A Navy researcher has advanced the capabilities of biosignal telemonitoring, a growing area of research with commercial applicabilities due to the aging world population.
A wireless body area network (WBAN) is a wireless network of wearable computing devices or sensors. WBAN devices may include sensors to monitor ECG, EEG, blood pressure, temperature, glucose, and other data from inside or outside the body.
Sensors feed data to a central device on or near the body which then transmits it directly to the internet or a subsequent device such as a smartphone, tablet, or computer. One challenge in designing WBAN’s has been minimizing power consumption.
Multiple sensors can pull a lot of power and transmission protocols including analog-to-digital conversion are power intensive. A second challenge has been ensuring accurate time stamping of data. It’s critical to know when sensor recordings are taken – especially with heart rate variability – and current solutions to time stamping can vary by minutes over a month.
To address these and other shortcomings of WBAN’s, a Navy researcher has developed methods to lower the energy use of these networks and provide for accurate time stamping. The system incorporates a master node which collects data from the individual biosensors. The biosensors communicate biodata to the master node along with implicit timing information and only if that timing information is outside of a predefined synchronization is an adjustment sent back to the sensor.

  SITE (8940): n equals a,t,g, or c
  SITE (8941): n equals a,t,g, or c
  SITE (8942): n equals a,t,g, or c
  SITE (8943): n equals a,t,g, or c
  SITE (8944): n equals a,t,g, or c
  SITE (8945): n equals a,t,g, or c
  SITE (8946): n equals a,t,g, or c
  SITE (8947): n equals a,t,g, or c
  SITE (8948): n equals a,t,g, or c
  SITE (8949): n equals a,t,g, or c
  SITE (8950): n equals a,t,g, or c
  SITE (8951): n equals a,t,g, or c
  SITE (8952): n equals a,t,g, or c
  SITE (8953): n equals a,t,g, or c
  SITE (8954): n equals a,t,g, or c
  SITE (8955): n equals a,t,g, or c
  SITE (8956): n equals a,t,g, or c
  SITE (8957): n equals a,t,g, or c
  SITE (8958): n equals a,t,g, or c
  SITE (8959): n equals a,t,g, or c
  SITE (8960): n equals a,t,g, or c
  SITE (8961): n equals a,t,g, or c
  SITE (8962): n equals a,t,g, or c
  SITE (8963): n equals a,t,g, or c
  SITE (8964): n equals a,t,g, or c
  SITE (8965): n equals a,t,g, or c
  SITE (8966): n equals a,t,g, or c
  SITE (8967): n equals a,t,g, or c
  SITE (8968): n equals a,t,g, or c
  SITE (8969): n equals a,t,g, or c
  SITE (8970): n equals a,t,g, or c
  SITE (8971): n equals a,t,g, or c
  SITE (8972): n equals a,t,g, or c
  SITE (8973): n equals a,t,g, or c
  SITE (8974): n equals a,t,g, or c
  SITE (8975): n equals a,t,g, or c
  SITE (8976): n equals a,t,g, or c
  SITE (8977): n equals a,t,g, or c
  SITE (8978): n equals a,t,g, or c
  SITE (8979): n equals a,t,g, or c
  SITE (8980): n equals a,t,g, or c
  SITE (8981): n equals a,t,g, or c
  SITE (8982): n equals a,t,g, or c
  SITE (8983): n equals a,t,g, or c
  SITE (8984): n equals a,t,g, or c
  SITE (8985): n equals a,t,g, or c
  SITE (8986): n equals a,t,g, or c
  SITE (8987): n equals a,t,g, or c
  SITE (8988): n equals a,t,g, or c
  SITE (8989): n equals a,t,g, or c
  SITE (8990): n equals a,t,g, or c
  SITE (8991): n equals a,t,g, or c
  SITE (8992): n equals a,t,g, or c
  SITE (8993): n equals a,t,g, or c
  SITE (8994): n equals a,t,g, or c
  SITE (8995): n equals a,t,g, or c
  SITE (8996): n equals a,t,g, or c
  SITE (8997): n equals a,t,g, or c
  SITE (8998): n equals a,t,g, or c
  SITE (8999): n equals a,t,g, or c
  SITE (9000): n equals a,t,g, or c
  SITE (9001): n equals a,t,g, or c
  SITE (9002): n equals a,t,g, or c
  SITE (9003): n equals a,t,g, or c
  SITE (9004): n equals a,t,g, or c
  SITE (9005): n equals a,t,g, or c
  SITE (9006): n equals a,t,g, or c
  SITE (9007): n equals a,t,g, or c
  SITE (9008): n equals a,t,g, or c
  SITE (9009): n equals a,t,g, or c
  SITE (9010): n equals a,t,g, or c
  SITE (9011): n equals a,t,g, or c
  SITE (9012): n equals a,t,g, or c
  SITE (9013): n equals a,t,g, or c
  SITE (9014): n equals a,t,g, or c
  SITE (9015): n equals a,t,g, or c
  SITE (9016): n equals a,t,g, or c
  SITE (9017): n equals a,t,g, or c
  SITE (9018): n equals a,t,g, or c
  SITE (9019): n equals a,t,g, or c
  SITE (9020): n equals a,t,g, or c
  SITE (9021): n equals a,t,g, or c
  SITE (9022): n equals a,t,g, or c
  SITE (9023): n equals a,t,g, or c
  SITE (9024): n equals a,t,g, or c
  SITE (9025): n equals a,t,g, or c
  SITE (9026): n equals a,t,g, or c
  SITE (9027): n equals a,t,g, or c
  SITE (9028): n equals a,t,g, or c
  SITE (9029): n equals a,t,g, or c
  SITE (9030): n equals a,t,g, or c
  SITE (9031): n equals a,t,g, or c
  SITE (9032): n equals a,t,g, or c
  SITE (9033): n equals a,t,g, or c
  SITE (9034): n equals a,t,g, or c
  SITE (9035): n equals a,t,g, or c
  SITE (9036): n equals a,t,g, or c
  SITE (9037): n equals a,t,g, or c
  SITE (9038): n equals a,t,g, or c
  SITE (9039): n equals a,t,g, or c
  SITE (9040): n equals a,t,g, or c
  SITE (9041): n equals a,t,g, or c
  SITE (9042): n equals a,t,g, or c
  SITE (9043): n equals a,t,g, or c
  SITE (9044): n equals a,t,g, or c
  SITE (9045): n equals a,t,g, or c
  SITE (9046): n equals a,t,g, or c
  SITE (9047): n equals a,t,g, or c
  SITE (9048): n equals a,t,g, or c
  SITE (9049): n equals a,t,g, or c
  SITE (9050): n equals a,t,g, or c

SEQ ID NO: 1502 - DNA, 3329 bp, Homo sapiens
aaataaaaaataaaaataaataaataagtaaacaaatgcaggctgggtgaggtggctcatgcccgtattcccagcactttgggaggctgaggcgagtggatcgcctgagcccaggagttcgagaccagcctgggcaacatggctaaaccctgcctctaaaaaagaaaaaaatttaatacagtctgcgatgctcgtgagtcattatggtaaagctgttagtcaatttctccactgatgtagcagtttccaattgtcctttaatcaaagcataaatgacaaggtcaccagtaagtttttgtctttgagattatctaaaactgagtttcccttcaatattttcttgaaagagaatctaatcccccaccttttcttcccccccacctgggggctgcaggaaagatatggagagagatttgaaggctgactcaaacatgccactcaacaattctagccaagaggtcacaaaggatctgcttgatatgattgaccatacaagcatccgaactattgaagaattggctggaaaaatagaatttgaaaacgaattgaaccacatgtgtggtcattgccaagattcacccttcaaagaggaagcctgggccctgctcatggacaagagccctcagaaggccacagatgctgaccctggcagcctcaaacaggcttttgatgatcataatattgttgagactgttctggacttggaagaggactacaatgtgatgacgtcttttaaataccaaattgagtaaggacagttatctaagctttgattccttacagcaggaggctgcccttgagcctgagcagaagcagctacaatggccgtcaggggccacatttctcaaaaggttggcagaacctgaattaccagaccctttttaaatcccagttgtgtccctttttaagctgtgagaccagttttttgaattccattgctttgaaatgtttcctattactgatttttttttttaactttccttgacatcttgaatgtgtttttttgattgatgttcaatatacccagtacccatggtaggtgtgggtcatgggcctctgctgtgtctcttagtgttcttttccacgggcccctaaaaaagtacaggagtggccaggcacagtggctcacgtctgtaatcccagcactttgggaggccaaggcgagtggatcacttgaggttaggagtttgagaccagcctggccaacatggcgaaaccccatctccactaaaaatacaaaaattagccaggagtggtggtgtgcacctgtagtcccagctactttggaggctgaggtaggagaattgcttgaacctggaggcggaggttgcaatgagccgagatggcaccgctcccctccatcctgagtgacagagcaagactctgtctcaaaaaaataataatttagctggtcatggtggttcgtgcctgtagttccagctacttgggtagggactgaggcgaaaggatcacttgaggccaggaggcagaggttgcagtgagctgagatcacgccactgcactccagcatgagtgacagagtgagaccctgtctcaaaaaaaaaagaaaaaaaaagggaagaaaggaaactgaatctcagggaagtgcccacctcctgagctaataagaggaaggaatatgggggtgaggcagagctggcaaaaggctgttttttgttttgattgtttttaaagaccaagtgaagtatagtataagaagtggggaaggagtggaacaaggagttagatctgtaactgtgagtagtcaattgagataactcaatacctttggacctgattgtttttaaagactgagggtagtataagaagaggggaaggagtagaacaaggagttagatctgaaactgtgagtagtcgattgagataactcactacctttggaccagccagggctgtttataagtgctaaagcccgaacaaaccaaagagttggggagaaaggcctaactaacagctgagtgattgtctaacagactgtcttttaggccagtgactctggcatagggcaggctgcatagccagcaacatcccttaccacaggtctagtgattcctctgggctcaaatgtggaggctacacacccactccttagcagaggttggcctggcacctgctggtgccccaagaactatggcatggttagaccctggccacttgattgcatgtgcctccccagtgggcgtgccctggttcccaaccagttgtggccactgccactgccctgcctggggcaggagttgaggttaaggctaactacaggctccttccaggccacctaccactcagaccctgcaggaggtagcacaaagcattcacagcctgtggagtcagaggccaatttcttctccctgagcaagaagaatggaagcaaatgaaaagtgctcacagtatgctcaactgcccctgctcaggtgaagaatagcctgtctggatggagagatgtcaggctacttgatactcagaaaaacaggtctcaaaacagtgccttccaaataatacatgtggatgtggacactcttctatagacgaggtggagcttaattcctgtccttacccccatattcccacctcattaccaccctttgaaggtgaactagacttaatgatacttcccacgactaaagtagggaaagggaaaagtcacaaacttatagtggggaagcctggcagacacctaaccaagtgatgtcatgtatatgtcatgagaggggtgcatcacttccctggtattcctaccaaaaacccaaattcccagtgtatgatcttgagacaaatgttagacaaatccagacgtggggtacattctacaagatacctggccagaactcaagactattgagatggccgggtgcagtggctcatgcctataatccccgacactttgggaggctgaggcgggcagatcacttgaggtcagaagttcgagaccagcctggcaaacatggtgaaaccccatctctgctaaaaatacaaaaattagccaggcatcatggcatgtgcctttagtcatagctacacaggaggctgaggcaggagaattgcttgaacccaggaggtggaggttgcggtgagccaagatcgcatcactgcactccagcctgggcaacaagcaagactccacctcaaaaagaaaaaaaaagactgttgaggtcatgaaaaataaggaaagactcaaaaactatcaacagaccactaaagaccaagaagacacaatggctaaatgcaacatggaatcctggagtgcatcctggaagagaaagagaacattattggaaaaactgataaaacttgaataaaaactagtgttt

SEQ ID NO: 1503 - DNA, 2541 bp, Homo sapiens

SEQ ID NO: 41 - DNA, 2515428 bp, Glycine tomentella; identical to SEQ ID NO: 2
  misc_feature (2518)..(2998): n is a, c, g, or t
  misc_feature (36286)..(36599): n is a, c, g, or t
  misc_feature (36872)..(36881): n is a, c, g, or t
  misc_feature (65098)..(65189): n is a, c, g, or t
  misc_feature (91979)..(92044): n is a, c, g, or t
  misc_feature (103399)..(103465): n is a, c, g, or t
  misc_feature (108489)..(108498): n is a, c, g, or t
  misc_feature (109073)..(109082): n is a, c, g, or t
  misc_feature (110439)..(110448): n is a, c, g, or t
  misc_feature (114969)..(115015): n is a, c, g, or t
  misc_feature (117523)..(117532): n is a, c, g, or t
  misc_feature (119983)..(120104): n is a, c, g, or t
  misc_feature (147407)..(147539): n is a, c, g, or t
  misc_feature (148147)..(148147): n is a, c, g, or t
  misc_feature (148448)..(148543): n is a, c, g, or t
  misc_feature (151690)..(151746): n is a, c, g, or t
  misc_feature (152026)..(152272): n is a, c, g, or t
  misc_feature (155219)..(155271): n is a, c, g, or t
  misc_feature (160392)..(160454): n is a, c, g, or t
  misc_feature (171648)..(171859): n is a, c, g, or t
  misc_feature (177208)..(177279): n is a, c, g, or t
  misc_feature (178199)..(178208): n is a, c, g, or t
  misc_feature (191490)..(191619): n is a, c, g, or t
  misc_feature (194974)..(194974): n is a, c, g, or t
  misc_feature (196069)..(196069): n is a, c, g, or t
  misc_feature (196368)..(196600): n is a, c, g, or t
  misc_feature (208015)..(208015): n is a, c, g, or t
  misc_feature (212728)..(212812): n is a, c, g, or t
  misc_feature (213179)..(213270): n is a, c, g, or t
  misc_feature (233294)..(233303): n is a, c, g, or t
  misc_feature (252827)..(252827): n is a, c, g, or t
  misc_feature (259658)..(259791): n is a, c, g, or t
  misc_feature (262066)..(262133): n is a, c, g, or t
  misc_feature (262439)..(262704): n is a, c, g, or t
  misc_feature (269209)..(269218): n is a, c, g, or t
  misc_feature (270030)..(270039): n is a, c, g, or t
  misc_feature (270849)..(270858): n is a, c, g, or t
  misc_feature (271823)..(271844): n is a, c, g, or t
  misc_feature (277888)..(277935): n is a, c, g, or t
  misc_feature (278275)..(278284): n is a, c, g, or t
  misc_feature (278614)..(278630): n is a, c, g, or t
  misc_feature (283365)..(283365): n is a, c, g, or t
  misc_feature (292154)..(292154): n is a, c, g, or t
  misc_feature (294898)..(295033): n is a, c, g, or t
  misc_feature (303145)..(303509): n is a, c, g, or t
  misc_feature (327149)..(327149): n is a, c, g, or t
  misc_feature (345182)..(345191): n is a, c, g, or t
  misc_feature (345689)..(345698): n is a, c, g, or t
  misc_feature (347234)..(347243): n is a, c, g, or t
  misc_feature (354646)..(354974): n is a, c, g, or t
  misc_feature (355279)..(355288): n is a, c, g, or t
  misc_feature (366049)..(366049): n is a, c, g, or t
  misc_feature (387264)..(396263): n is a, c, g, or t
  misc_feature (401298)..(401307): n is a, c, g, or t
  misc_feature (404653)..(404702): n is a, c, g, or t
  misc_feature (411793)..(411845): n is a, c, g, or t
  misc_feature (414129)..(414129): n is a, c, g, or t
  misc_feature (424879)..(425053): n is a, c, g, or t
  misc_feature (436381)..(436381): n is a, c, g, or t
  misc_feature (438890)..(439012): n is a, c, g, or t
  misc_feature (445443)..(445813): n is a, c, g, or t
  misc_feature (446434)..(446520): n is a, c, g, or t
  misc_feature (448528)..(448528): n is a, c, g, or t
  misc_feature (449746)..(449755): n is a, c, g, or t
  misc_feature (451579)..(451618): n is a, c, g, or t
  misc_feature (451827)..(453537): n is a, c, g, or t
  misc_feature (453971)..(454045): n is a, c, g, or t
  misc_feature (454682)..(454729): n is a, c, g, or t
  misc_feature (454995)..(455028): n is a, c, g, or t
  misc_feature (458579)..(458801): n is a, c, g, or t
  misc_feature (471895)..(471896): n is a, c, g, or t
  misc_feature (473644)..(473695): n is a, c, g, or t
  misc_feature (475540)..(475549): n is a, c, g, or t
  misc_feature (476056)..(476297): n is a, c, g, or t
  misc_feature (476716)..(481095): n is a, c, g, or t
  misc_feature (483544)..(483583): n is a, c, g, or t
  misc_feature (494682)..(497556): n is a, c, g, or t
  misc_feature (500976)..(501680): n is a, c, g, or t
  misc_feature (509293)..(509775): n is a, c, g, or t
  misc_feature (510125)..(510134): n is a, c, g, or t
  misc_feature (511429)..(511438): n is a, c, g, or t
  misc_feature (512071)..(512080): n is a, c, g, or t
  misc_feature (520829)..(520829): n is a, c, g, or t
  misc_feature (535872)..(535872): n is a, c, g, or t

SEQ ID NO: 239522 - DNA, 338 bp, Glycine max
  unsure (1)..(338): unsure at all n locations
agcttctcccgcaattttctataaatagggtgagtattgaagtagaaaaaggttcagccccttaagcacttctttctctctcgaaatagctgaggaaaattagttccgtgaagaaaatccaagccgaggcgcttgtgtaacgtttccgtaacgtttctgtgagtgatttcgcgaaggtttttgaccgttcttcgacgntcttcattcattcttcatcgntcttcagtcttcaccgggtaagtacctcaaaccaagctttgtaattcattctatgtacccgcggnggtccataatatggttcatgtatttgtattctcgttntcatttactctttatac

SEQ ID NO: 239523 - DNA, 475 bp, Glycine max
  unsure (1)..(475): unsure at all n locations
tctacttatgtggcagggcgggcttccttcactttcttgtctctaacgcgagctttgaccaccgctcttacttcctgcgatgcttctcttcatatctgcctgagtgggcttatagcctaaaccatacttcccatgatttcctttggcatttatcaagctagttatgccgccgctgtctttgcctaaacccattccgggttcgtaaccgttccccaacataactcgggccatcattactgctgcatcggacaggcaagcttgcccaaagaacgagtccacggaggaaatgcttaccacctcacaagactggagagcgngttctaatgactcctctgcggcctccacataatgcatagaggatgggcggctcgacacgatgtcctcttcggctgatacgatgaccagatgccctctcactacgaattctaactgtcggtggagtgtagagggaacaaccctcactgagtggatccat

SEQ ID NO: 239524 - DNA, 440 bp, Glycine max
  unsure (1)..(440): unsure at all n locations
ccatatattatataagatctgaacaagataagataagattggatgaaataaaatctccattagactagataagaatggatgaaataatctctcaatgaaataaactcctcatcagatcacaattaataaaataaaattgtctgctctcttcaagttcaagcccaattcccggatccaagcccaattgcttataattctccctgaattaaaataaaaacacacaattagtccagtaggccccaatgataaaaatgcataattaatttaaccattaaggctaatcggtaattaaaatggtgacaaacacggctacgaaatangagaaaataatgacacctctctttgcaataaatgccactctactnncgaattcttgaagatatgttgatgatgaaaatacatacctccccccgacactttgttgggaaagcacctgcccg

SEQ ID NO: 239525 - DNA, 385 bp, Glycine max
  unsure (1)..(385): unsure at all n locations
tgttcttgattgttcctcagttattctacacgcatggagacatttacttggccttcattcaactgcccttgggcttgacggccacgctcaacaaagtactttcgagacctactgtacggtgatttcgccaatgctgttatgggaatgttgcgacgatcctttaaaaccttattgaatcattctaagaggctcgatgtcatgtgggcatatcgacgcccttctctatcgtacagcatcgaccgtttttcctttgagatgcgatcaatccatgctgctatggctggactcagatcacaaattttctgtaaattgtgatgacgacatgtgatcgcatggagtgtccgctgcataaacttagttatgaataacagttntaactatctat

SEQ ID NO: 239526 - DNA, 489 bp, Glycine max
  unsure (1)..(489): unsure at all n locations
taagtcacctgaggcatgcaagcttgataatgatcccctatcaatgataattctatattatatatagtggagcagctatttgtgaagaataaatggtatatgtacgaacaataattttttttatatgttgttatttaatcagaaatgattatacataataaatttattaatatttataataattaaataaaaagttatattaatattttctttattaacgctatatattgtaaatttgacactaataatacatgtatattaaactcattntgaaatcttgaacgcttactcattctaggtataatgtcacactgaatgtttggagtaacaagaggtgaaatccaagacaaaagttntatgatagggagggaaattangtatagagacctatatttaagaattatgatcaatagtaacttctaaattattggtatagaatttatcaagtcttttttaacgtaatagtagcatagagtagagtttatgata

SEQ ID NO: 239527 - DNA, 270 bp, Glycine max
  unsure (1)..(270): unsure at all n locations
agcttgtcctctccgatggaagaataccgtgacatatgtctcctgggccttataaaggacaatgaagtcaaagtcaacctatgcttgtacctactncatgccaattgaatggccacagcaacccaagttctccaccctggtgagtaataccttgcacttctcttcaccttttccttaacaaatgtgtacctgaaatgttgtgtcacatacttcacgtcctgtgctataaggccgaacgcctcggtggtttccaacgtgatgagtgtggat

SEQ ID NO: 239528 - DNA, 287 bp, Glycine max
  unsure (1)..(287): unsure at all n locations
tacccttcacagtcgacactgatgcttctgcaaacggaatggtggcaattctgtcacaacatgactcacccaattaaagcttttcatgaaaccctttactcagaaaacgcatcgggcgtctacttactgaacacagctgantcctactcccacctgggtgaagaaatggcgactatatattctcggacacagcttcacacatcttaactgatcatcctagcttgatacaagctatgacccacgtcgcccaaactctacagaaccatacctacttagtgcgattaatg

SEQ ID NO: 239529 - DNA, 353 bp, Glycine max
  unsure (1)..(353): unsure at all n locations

The time stamping algorithm in the master node ensures accuracy. This configuration minimizes data packet transfers and thereby saves power. As wearable technology becomes more commonplace and healthcare providers see the further benefit and cost savings in remote monitoring, this technology will become more valuable.
- The master node can be a biosensor, smart phone, tablet or other similar electronic device
- Network can be extended to interface with EHR, wellness resources or healthcare providers
- Master node’s clock serves as the time reference for the network
- US patent 9,579,025 available for license
- Potential for collaboration with Navy researchers